by Michael Korie
Jan 10, 2020
Since the beginnings of opera, playwrights have been drawn to writing librettos—the plays which are entirely set to music, sung by opera singers, and accompanied by symphony orchestras.
by Cheryl Davis
Jan 09, 2020
There’s one thing that a writer learns very very quickly: everybody has an opinion about your work. It becomes part of the writer’s job to winnow through those various opinions to figure out which ones are actually helpful. But, by accepting someone’s suggestions about your script, are you actually making them your co-author? “Survey says”—and the Courts say—“No.”
by Donnetta Lavinia Grays
Jan 08, 2020
There are artists whose voices you wish you could hear during times like these. Writer, actor, director and activist Alice Childress is one of those voices. Childress was no stranger to using her work as a platform for racial discourse. And when her work is read or witnessed no audience member, regardless of race, is left unchallenged.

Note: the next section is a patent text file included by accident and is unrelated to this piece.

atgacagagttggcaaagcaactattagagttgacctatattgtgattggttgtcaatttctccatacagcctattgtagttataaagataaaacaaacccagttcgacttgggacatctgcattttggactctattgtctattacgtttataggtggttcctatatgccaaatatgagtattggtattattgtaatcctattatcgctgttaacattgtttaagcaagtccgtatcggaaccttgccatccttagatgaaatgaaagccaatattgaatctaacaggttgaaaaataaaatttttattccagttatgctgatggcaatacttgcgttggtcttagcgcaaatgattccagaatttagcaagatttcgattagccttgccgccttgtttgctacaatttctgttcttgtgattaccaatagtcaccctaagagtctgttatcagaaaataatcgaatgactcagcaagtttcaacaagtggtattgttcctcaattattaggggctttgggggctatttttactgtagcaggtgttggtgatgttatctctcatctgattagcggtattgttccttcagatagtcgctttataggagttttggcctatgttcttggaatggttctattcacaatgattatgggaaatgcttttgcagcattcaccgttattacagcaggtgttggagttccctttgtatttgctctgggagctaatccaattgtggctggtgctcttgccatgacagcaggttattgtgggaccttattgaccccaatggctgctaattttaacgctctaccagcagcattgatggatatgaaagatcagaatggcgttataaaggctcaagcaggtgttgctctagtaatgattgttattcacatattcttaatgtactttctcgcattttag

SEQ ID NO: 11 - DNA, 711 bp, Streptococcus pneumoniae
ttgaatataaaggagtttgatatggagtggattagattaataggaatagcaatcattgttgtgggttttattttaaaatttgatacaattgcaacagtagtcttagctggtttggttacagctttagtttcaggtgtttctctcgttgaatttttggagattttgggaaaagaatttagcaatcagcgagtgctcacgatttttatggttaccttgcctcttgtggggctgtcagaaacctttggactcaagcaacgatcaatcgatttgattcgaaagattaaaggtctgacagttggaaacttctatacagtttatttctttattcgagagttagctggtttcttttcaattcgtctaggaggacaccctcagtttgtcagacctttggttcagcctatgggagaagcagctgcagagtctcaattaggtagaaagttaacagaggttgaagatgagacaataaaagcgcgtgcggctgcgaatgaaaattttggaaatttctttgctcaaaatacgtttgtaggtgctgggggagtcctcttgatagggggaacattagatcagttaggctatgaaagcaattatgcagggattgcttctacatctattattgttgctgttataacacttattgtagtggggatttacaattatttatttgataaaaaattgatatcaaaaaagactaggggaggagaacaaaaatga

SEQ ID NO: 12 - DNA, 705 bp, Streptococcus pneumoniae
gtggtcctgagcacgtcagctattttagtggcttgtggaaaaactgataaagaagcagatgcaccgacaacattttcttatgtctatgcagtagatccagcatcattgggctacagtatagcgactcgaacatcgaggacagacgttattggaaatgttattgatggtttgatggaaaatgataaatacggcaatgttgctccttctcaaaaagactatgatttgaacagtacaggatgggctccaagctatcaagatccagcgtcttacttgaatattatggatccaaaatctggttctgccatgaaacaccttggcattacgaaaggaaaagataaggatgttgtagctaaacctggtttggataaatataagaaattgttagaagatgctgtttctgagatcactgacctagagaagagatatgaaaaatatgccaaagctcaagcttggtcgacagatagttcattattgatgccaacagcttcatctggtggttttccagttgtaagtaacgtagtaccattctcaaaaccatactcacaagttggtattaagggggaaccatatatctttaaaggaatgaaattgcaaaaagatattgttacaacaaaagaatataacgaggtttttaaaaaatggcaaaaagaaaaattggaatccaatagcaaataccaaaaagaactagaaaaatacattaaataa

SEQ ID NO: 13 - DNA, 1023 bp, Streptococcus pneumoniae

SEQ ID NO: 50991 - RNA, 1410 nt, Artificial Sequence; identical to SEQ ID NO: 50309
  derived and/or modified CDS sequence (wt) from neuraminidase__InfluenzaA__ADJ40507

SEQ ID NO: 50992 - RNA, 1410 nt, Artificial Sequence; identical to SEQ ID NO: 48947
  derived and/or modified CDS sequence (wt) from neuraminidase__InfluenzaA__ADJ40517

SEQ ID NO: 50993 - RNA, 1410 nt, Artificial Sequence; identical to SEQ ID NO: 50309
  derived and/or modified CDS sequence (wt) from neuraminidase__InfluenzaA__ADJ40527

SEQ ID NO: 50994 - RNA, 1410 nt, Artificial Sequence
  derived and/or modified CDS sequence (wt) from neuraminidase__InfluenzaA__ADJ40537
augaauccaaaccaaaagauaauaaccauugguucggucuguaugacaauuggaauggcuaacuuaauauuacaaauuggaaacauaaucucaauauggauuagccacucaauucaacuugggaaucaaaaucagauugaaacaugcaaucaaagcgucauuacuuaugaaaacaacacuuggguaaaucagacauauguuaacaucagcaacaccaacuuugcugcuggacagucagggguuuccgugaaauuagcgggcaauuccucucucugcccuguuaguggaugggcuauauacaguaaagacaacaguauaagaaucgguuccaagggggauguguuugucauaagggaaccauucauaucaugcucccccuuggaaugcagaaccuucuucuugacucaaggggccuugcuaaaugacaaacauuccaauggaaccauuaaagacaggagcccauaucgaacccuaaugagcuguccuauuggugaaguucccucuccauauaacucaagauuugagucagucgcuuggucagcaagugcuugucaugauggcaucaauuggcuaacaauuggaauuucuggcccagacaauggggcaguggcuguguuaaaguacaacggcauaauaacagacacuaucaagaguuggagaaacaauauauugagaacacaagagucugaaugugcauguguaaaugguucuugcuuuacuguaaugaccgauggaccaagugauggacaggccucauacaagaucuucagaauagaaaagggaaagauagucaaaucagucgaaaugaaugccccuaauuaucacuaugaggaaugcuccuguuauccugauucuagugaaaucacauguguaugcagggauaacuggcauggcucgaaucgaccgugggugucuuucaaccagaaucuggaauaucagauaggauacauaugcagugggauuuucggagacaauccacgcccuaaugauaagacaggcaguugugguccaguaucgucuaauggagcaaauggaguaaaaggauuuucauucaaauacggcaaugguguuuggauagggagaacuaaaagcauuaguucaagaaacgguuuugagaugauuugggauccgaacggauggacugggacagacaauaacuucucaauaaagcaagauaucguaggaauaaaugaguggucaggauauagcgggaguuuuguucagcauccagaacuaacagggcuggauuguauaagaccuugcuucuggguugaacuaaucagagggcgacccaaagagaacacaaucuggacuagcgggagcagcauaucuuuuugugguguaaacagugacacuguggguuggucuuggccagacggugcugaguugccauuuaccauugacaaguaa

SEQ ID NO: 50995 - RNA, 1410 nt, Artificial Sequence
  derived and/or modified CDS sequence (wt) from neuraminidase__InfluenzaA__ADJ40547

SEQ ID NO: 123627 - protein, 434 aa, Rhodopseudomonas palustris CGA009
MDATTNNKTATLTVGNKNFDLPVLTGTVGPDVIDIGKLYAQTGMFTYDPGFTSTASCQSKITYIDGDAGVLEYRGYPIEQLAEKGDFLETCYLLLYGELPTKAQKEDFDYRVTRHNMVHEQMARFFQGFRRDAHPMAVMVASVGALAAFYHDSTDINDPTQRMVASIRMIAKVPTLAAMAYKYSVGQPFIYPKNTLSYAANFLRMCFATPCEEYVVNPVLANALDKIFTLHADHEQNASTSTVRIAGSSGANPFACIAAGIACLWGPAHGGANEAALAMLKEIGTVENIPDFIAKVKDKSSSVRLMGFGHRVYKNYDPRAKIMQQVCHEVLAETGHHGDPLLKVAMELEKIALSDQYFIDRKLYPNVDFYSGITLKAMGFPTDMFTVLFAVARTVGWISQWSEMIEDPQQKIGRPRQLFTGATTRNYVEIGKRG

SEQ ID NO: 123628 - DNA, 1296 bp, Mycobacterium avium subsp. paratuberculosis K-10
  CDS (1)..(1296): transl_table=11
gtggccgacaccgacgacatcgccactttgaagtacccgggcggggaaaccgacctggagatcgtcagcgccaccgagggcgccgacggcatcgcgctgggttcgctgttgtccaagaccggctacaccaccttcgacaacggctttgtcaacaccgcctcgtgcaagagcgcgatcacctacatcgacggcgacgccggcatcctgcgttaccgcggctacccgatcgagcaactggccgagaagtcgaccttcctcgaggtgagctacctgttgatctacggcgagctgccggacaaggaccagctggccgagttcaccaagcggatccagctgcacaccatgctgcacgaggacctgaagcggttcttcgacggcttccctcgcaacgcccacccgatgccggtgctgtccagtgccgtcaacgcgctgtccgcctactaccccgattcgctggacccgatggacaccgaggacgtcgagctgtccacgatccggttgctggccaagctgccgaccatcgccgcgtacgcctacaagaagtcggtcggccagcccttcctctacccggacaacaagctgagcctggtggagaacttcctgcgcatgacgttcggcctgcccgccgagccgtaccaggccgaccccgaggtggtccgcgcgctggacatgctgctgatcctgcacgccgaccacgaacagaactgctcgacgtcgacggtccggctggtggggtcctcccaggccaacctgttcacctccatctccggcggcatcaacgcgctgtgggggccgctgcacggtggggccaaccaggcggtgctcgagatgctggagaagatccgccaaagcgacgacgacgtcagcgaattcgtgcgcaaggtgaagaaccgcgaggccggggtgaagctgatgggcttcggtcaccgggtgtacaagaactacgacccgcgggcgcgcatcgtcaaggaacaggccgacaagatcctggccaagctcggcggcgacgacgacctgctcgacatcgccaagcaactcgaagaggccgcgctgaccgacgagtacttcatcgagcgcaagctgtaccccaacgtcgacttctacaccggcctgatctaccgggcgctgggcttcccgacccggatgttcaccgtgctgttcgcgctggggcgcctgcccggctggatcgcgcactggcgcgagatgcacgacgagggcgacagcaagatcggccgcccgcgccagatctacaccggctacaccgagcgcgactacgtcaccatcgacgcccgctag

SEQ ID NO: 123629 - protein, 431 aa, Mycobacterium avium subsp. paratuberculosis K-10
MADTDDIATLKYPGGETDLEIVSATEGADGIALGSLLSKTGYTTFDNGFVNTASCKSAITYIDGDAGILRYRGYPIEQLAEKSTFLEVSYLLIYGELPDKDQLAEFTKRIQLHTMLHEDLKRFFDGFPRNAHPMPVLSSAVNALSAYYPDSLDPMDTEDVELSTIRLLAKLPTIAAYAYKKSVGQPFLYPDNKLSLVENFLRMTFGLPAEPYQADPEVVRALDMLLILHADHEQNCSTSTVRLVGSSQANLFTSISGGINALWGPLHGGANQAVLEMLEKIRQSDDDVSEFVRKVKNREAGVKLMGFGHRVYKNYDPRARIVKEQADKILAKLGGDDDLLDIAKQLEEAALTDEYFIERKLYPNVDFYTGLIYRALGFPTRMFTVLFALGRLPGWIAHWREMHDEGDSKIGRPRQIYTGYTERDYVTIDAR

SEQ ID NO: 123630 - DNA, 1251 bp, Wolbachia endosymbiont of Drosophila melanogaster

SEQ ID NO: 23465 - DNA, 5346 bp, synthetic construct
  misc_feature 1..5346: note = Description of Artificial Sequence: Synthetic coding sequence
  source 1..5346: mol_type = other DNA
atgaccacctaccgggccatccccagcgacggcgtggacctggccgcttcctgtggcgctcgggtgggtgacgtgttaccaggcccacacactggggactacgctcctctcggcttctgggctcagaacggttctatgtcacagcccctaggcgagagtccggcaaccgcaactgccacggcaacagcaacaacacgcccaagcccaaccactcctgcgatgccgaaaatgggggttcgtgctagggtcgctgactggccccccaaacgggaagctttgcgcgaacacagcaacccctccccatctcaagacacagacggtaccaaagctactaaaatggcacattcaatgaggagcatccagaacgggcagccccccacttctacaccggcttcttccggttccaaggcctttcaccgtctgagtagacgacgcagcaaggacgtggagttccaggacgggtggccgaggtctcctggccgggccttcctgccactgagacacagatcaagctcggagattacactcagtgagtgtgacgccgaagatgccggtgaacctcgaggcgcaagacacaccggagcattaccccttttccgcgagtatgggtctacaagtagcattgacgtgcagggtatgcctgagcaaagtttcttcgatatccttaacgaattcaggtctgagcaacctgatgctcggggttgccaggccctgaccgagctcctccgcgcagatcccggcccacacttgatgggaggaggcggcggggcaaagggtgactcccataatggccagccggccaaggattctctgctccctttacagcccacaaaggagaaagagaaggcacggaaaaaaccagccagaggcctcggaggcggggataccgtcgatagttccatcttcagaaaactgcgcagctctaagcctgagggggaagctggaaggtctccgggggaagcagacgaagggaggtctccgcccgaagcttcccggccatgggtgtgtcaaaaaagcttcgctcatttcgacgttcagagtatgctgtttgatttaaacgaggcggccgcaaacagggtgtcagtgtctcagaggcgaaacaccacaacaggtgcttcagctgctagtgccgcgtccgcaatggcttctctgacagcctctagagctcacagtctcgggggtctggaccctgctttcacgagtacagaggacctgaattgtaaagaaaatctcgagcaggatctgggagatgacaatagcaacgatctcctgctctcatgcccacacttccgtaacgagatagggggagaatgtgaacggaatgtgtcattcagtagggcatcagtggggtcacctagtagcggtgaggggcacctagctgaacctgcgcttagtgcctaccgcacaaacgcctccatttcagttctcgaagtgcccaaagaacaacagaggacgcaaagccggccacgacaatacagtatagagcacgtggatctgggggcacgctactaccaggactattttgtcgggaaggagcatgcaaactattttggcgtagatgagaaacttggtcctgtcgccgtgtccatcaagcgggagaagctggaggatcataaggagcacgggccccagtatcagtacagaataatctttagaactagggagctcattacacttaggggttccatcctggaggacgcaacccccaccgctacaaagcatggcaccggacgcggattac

by Linda Manning
Linda Manning, Age 5, with her father
Jan 03, 2020
My solo show Perfect Love is a story I didn’t want to write. I’d put it off for decades. The true story of why I’m like this…
by Stephen Schwartz
Jan 03, 2020
Stephen Schwartz: Everybody always asks which comes first, the words or the music. Since you write both, I wonder if you have a relatively set process or if it varies from song to song. How do you generally start a song?
by Tere Martinez
Dec 31, 2019
I often credit the power of playwriting with the success that Roots and Action: Building Community is having in schools.